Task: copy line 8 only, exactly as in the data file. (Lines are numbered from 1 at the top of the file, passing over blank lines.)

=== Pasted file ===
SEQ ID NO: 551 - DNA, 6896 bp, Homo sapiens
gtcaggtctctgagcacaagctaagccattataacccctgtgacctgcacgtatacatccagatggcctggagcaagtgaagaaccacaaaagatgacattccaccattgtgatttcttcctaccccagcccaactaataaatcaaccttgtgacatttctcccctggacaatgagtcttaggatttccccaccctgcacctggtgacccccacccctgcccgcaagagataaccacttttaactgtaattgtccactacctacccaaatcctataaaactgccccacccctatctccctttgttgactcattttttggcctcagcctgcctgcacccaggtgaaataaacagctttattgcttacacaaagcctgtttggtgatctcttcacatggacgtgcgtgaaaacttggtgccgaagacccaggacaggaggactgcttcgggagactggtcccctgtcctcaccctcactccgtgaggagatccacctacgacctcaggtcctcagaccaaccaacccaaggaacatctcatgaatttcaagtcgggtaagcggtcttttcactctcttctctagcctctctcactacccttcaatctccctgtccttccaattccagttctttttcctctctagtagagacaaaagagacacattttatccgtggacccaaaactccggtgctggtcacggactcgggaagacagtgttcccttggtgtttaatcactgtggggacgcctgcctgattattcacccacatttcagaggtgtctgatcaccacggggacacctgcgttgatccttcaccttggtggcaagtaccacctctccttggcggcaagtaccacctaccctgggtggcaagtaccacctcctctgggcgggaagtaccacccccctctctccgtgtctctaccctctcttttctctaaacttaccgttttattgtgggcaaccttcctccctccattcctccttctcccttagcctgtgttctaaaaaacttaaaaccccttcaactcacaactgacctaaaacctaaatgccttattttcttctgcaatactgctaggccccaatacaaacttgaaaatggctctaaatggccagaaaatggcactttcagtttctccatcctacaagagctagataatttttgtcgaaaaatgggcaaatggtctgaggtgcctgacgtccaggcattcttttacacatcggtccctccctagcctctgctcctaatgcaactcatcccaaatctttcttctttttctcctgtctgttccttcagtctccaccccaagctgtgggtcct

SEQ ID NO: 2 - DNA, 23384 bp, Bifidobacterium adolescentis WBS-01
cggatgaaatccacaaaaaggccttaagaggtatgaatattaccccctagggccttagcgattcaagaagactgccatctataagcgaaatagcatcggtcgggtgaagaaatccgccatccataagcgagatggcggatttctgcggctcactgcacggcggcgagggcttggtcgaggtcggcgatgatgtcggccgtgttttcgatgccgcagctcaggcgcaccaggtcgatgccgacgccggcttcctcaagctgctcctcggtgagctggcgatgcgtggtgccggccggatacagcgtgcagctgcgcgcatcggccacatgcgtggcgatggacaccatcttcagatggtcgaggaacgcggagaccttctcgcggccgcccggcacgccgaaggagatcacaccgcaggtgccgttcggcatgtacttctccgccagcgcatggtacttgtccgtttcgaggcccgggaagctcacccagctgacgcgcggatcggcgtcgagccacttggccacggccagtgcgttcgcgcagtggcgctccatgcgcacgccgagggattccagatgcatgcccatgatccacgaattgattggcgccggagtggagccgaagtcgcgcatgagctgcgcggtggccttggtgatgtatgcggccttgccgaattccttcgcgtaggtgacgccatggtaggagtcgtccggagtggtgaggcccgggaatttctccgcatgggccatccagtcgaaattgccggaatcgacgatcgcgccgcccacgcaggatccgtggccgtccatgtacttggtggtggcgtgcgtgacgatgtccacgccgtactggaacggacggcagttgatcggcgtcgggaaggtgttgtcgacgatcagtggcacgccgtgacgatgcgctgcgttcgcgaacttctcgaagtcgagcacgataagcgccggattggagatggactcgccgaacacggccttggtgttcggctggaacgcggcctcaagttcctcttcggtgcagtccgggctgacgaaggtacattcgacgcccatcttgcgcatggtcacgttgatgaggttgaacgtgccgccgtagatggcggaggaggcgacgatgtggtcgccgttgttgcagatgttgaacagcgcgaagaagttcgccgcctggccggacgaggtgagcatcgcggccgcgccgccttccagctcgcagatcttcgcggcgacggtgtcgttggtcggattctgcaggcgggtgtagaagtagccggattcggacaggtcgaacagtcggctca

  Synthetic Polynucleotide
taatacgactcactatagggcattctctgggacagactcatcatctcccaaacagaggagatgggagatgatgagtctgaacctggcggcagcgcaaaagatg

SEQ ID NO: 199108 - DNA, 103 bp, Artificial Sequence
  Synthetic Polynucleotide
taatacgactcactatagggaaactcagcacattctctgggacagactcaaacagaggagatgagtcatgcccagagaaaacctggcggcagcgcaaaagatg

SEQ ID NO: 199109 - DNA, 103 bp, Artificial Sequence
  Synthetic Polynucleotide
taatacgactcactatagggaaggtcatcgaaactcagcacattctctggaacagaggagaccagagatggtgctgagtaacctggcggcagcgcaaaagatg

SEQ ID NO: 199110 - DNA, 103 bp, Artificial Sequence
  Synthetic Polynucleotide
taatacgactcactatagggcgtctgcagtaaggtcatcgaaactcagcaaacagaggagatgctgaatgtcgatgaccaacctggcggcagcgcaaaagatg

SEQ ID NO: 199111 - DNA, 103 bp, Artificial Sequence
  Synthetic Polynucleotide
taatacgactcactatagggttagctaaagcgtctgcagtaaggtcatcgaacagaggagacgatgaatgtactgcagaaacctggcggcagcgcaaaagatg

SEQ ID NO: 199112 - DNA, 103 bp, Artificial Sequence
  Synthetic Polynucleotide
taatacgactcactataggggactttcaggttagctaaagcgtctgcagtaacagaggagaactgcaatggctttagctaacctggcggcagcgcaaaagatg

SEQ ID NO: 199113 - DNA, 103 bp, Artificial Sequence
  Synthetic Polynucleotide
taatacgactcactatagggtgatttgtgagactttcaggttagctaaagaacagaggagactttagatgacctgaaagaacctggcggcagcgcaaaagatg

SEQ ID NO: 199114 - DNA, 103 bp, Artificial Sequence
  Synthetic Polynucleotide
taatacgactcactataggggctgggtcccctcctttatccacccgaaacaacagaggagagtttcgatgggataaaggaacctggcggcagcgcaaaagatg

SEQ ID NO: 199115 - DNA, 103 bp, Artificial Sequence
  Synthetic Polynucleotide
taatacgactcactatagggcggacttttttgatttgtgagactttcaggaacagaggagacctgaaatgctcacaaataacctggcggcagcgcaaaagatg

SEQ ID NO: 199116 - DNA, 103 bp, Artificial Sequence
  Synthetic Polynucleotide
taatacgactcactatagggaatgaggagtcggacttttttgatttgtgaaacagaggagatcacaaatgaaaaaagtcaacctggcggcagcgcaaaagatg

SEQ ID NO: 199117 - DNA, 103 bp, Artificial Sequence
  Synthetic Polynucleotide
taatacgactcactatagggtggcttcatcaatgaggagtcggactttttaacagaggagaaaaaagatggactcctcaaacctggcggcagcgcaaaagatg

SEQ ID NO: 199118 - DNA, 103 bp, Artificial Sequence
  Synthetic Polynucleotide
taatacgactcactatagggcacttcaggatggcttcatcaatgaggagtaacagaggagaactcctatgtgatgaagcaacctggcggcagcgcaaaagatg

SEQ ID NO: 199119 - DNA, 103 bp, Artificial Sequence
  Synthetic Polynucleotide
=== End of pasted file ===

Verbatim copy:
  Synthetic Polynucleotide